By 1981 Ulster had started again, with Donna Armstrong their leading player, and formed a three-cornered inter-pro with Munster. Leinster, who were by far the strongest province, later split into north and south. In 1982 the Irish Women’s Cricket Union was set up, with Clarissa Pilkington its driving force and first president.

Start of Irish women’s international cricket

The first steps onto the world scene were taken in Utrecht the following summer, at a tournament to celebrate the Dutch centenary. Stella Owens had the honour of bowling the first ball – against the hosts – and taking the first wicket. Ireland lost the first 55-over game by 25 runs, but a fifty by Annie Murray helped secure the first win against Denmark.

Ireland soon established themselves as the next best in Europe after England, and although they heavily lost three home ODIs to Australia, they secured an invitation to the 1988 World Cup down under. With just five teams, everyone played everyone else twice and Ireland secured two wins over Netherlands under captain Mary Pat Moore and coach Noel Mahony.

It was the first of five successive World Cups for Ireland, although results were hard to come by as other countries grew increasingly professional. Pakistan were beaten in front of an enormous crowd in Gurgaon, near Delhi in 1997 and perhaps the finest hour came when England was conquered, and the European Championship secured, in 2001. The English were bowled out for 60, with Saibh Young’s hat-trick – including TV commentator Ebony Rainford-Brent – the highlight.

Another milestone came just prior to the European Championship success in the summer of 2000 when Pakistan came to College Park for the first – and so far only – Test match Ireland Women has played. It was a bit of a mismatch and Ireland, captained by Miriam Grealey, won in two days by an innings and 54 runs.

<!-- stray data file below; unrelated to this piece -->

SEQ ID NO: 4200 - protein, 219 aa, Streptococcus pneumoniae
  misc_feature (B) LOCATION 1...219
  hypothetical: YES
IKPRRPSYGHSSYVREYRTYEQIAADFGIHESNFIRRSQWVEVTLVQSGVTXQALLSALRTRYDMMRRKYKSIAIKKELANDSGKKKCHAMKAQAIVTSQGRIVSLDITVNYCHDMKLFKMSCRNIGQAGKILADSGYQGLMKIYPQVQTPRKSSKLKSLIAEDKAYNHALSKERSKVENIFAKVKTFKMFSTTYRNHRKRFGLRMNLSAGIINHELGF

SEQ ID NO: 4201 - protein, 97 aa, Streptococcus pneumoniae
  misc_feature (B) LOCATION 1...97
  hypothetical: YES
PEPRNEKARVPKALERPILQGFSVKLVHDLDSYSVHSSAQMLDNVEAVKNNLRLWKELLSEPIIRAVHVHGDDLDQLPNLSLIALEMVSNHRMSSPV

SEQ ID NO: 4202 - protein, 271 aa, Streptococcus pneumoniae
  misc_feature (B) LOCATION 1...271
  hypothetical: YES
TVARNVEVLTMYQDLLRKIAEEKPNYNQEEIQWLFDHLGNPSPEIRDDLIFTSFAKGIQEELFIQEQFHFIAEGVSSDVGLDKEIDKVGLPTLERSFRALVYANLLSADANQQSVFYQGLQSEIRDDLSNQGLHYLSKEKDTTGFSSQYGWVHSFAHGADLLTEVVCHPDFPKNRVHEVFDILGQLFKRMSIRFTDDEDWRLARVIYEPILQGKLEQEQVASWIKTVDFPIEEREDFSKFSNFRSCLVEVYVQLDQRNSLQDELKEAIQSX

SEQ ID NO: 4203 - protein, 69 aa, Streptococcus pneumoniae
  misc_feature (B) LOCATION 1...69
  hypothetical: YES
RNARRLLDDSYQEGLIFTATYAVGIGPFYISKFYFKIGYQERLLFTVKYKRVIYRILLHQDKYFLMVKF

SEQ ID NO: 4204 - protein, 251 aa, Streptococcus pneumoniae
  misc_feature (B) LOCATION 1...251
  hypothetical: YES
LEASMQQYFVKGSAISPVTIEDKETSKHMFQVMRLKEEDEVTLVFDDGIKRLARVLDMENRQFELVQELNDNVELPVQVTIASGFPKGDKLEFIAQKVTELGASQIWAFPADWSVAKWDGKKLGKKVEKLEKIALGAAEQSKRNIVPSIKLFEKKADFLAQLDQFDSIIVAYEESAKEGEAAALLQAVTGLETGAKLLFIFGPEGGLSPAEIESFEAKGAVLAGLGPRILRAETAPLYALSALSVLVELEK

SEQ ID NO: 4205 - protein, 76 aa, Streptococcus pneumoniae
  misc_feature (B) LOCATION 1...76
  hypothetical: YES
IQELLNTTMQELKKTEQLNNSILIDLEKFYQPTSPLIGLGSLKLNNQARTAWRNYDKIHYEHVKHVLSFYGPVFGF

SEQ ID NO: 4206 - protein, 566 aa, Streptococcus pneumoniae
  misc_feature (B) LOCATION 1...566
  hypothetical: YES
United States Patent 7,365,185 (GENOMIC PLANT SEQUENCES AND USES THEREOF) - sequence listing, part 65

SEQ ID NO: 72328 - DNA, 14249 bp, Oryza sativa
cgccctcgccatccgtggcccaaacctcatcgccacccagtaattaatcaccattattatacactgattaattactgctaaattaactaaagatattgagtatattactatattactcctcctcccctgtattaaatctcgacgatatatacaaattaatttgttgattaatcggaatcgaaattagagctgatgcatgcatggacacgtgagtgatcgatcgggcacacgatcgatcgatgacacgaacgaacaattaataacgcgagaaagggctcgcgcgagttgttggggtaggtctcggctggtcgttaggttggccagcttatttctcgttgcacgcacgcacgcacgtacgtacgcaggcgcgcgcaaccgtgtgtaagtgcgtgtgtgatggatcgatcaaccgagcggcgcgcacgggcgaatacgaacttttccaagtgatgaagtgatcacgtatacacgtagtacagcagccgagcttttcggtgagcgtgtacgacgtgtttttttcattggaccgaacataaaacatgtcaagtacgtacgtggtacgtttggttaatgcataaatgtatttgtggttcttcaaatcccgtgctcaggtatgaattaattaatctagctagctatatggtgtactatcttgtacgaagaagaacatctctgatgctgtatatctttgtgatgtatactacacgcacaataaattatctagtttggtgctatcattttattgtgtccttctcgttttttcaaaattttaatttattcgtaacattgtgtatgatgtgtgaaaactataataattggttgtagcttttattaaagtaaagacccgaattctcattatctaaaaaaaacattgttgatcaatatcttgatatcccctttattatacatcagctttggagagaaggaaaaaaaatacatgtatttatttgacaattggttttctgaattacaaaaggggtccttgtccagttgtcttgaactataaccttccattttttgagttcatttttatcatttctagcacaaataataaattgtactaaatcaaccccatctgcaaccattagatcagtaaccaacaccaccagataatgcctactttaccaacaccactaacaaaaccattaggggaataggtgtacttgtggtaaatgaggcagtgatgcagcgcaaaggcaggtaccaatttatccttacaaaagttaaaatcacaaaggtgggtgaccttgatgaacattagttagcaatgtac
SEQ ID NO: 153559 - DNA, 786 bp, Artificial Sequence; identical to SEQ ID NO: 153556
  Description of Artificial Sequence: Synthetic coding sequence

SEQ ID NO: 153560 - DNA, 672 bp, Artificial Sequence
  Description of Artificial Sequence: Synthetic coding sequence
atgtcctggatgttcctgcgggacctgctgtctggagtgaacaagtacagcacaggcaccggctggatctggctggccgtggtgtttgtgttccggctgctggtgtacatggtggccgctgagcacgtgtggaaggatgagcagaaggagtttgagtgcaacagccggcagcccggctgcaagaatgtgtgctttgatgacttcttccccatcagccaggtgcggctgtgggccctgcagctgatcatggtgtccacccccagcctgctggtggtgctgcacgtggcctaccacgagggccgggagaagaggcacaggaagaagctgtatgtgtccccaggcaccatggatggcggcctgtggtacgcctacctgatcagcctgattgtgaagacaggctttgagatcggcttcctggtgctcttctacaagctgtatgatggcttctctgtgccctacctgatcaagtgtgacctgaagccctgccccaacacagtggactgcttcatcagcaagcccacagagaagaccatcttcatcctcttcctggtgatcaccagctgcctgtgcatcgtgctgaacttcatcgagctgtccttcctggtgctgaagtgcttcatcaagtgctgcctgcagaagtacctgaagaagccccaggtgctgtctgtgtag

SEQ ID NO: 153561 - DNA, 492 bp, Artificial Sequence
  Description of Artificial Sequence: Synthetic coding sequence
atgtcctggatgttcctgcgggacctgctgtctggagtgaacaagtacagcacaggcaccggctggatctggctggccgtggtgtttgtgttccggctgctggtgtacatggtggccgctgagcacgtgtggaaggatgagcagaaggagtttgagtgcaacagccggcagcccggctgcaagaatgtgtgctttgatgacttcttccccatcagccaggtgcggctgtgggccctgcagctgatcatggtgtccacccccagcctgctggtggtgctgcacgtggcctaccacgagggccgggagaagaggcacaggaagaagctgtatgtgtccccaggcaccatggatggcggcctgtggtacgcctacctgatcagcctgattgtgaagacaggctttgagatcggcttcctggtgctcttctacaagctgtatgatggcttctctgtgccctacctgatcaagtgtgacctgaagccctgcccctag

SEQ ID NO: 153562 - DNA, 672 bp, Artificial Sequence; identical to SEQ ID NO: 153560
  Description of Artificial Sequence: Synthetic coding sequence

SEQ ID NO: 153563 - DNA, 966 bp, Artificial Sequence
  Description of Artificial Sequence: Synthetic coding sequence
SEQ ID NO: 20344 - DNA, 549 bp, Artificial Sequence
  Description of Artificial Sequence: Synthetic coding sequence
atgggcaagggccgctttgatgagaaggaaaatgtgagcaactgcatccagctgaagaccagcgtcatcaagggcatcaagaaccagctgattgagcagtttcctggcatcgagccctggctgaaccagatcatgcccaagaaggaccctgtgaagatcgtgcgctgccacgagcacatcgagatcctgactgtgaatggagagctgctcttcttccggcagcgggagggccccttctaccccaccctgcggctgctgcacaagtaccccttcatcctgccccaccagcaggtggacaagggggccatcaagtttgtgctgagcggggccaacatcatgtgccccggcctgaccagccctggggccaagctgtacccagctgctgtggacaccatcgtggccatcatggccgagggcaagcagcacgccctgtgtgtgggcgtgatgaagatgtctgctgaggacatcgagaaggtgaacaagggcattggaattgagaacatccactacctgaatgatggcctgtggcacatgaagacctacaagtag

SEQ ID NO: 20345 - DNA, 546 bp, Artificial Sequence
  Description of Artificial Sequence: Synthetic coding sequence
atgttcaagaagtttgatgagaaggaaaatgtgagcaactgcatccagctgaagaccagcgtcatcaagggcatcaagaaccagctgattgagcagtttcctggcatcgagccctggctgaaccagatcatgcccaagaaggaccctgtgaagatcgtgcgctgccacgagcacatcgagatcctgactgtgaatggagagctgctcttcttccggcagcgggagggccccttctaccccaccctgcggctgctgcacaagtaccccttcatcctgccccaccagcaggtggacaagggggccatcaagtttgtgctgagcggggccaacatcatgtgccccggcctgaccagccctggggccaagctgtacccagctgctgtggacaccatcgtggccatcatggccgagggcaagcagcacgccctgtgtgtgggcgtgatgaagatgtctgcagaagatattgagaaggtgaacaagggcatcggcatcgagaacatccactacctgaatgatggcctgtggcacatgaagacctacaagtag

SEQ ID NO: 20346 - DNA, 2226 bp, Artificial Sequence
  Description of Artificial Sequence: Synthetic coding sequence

That year also saw talks to amalgamate with the Irish Cricket Union, which was completed under the presidency of Siobhan McBennett in February 2001.

Ireland continued to produce excellent players, and over the next two decades they relied heavily on Clare Shillington, Isobel Joyce, Cecilia Joyce and Ciara Metcalfe who all had long careers and retired together after the 2018 World Twenty20.

One success in recent years that numerous players cite as their favourite tournament was in 2015, when Ireland Women won the ICC Women’s World T20 Qualifier that was played in Thailand. A dramatic final ball win over Bangladesh in the final in Bangkok gave the side their first major tournament title since the Women’s European Championship in 2000.

The future?

The new format became increasingly important and is now the dominant form of the game. It has given some a chance to shine, and Isobel Joyce and Kim Garth were recruited to play in the high-profile Big Bash series in Australia. Their male counterparts had played on the county circuit in England, but ambitious Irish women looked further afield and wintering down under has seen several break into State sides in Australia and New Zealand.

Ireland Women has had a full-time coach since 2015, when Australian Aaron Hamilton was appointed. He oversaw wins against Zimbabwe, Bangladesh and South Africa and was succeeded in 2019 ago by Irish men’s cricket legend Ed Joyce. Joyce’s work has been interrupted by Covid-19, but he has seen the sport take great strides outside Dublin with several players from Northern Ireland now playing in the Super Series.

To further support the growth of the senior international side, a new sponsor was brought on board in 2017 (Hanley Energy), and with the support of Sport Ireland, in 2019 the first-ever part-time contracts for women were awarded, with the first six recipients being Laura Delany, Kim Garth, Celeste Raack, Mary Waldron, Shauna Kavanagh and Gaby Lewis.

As a recognition of the growing role of women in the sport in Ireland, former captain Miriam Grealey was inducted as an Honorary Life Member of the MCC (a first for Irish cricket) and Cricket Ireland appointed its first women president, Aideen Rice, in 2018.

With qualifiers for ICC global events in both formats coming up in 2021, there is renewed hope Ireland can move forward on the world stage. Exciting young talents such as Gaby Lewis, Orla Prendergast, Una Raymond-Hoey, Leah Paul and Rebecca Stokell have come to the fore, and with Ed Joyce and captain Laura Delany leading the way, the sky is the limit. 

  • words by Ger Siggins